C&I: Did they give you any valuable advice?
Miller: Yes, but if I told you any of it, this message would self-destruct. I try to keep an open mind always when recording, and I always try to do my best to pick up new recording techniques or performance techniques from whomever I work with. I’m pretty dense, but I usually learn one or two things anytime I work with a new person. I don’t want to become one of those immovable objects.
C&I: Do you have a favorite song or track you’re most proud of?
Miller: It changes all the time. One of the things I love about this album is that it’s a cohesive journey from beginning to end, but if you take a stop along the way, you’ll find that any song accurately represents me.
C&I: You were the lead vocalist and guitarist of the rock band Godhead. How has your music evolved since you’ve gone solo?
Miller: Well, with Godhead, we were reliant upon a lot of programming and manufactured sounds to make up the sound of the band. When things with Godhead started to slow down, the music I was inspired to write and perform became the antithesis of that. I broke everything down to an acoustic guitar and my voice. If a song doesn’t sound good like that, it’s probably not the best song. When adding instruments back on top of that process, I wanted them to be as organic as possible.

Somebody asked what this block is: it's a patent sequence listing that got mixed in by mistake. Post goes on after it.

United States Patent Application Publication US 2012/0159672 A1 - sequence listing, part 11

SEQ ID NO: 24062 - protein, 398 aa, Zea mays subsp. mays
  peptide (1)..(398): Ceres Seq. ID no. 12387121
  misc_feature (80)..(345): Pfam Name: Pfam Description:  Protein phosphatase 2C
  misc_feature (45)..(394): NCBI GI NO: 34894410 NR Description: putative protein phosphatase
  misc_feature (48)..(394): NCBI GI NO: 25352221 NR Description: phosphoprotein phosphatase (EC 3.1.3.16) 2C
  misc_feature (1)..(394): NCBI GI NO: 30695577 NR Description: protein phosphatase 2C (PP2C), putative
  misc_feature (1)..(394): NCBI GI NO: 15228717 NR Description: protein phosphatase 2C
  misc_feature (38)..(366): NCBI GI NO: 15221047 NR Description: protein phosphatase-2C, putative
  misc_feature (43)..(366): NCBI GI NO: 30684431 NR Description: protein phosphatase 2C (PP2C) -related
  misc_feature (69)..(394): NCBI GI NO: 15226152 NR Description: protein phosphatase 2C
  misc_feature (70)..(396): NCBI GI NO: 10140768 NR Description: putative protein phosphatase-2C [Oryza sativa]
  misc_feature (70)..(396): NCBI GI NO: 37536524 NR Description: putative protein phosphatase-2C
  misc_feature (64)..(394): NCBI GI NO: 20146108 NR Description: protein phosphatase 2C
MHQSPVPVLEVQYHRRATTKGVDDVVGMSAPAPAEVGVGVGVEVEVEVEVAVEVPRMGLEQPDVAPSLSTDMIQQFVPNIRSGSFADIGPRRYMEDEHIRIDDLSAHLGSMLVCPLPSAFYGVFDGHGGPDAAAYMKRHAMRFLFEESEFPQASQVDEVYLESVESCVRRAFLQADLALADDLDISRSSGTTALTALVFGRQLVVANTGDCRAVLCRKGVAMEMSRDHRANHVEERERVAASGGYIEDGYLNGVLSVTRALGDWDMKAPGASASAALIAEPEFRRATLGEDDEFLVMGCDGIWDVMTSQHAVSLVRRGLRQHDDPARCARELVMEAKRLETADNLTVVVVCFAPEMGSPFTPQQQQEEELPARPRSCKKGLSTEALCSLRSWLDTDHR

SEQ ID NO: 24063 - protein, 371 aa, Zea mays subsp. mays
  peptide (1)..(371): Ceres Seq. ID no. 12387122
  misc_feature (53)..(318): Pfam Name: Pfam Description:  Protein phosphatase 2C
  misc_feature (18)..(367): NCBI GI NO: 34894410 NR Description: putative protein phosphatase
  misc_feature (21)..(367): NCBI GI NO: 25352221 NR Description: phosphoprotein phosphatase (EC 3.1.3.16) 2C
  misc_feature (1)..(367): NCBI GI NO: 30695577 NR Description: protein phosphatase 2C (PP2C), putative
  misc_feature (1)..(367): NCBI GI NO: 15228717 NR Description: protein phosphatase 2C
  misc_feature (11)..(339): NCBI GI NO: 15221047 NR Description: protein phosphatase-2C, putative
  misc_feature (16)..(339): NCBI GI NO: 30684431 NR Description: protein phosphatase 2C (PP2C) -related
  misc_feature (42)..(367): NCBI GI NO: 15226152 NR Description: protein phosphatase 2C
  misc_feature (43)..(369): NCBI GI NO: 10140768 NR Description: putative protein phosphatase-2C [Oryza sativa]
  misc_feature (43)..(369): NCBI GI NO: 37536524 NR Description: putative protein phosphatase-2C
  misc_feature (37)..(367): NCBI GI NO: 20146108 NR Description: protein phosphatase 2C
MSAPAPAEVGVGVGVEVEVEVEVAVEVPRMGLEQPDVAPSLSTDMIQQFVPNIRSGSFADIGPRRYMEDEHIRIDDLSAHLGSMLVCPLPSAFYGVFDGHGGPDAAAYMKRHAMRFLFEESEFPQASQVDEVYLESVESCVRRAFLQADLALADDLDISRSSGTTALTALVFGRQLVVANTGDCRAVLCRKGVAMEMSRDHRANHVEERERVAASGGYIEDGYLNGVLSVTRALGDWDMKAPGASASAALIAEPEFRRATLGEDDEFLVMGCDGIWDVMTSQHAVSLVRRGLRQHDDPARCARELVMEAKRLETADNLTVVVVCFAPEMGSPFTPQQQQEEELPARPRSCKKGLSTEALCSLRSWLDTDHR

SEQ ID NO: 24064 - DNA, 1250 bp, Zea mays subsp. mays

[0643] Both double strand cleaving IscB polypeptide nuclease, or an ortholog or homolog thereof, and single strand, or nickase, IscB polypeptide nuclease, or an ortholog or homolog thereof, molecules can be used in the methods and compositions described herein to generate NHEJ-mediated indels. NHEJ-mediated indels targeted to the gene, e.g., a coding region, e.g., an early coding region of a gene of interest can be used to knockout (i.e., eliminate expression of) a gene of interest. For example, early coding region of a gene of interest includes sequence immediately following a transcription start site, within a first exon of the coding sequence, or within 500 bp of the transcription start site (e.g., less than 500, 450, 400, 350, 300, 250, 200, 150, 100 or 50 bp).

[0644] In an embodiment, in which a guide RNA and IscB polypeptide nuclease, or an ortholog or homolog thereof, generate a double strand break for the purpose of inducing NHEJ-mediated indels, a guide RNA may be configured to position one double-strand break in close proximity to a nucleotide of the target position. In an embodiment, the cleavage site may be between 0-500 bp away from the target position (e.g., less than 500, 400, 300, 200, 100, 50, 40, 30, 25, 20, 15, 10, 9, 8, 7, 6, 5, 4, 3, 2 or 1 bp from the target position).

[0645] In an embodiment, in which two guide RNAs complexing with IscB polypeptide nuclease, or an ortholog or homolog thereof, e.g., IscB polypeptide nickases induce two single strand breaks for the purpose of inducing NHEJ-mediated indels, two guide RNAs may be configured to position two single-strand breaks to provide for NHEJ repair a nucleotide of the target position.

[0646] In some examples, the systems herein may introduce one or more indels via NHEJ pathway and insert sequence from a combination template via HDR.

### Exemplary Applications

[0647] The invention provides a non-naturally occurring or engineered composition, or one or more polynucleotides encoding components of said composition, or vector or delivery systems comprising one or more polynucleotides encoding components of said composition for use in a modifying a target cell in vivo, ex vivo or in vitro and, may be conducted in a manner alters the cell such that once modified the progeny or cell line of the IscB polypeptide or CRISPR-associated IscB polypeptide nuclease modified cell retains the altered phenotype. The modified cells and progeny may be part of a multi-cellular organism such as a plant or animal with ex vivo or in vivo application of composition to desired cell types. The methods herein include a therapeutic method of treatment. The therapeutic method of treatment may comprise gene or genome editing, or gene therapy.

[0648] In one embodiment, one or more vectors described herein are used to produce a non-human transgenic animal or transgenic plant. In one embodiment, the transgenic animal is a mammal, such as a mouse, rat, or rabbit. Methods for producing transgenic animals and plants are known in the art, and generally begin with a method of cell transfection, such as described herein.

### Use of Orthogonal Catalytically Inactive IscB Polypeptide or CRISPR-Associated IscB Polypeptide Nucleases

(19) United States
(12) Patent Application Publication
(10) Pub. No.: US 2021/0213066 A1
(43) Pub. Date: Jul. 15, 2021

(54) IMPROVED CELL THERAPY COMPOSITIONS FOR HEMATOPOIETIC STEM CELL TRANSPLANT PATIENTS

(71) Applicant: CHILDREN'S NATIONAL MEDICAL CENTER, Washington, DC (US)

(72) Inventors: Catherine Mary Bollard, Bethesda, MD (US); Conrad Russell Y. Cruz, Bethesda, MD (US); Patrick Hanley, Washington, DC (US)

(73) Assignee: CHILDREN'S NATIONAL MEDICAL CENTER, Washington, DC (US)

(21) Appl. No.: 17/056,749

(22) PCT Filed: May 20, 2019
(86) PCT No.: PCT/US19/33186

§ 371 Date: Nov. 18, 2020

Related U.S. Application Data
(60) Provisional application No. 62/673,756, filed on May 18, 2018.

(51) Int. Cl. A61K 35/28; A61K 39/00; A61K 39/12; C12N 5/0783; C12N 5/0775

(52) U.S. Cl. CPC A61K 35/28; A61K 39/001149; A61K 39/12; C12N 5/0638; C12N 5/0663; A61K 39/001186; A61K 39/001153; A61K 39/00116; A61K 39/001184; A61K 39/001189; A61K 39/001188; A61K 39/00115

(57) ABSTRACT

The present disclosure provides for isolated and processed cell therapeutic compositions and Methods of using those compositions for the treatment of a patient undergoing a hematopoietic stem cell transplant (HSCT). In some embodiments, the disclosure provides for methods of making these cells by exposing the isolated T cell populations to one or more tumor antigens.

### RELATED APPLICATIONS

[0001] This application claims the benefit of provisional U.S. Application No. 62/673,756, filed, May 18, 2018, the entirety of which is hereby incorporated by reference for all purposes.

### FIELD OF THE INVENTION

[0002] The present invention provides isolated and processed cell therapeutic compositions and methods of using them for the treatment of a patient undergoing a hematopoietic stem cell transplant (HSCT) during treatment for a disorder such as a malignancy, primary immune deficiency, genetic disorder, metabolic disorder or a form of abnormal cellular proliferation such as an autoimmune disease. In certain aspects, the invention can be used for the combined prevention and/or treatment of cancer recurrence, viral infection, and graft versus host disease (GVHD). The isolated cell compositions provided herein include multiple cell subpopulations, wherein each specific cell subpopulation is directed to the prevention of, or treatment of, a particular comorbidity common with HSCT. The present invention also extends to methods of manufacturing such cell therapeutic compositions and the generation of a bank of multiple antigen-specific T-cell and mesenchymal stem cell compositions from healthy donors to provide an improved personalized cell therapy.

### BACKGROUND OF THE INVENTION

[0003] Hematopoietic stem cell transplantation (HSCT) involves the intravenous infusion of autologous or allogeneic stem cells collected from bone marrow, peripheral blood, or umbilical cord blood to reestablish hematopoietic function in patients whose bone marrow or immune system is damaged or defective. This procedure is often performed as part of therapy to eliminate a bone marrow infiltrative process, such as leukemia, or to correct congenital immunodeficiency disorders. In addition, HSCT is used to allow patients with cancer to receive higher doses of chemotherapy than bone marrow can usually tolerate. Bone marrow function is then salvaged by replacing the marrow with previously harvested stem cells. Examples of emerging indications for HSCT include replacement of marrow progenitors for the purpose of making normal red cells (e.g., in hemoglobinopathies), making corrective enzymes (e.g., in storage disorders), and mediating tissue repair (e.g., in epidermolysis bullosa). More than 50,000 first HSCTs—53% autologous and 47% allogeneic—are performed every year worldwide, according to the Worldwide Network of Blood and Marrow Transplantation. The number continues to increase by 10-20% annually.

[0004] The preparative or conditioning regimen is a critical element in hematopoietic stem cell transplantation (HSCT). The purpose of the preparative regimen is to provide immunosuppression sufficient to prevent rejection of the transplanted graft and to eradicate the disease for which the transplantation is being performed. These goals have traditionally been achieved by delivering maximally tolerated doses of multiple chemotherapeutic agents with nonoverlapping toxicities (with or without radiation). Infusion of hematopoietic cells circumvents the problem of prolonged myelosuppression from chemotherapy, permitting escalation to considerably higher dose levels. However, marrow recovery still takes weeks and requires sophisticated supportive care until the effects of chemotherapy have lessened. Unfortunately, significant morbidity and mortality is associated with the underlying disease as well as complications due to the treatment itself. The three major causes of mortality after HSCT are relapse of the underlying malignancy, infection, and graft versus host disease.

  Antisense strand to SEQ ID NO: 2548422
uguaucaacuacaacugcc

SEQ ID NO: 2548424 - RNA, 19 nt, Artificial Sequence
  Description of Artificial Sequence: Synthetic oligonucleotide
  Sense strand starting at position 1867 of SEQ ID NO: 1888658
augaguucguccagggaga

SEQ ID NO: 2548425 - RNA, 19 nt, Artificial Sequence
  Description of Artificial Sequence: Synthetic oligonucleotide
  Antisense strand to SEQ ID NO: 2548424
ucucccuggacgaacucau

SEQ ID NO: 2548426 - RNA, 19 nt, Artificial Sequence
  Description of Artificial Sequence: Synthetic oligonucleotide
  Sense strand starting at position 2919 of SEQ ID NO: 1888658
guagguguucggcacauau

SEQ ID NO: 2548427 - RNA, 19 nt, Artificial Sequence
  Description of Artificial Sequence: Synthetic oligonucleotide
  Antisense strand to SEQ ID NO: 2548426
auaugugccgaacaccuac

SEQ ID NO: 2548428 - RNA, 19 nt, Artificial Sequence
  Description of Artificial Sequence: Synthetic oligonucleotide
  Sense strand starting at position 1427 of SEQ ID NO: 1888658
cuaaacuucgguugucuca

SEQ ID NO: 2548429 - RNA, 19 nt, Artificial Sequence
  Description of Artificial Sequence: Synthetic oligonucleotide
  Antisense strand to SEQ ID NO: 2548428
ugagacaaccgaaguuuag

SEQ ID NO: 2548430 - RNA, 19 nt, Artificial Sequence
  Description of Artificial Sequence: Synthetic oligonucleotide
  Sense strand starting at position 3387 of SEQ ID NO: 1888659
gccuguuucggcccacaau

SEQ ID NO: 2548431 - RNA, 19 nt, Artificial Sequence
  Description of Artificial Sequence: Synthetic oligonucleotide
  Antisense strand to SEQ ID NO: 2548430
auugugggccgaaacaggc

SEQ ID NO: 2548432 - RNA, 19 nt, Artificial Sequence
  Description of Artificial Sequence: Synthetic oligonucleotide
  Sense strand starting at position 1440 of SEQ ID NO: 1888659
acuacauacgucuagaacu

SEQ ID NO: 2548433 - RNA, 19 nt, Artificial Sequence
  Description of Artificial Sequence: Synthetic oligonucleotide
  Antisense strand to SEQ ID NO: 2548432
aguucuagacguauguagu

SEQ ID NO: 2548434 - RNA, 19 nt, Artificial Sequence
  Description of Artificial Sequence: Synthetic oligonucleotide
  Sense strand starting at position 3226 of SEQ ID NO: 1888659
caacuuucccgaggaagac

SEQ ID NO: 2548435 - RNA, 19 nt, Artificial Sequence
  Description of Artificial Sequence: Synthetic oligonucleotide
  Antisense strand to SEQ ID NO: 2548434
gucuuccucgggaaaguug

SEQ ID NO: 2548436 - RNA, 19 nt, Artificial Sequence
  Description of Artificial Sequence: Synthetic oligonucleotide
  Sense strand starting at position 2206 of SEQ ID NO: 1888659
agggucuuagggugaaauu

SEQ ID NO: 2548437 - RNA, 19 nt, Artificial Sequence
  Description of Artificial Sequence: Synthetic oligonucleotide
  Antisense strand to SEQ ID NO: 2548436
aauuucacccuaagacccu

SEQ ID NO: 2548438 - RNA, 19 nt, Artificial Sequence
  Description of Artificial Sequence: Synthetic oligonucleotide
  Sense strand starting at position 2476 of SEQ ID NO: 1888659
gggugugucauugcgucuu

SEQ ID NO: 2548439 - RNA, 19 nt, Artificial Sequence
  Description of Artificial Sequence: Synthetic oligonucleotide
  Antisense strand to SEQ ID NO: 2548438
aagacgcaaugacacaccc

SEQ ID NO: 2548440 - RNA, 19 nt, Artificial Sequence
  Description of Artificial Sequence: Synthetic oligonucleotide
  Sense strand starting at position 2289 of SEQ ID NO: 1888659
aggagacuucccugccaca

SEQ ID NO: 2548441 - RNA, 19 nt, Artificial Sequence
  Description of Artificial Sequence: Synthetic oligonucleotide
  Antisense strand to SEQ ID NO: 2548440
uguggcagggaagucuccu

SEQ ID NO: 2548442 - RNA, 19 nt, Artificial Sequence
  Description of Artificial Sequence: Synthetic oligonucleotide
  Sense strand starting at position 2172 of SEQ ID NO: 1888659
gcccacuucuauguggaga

C&I: Who are some of the singers and songwriters that have inspired your creative development and made you want to become an artist?
Miller: So many. I think that Paul Rogers has the best voice in rock and roll. I saw him a few weeks ago with Skynyrd and Blackberry Smoke and he’s still got it. Early on in high school, a girl I was in choir with — yeah, I was in choir — jammed some headphones on my head and made me listen to “Shooting Star” by Bad Company. My life was never the same after that.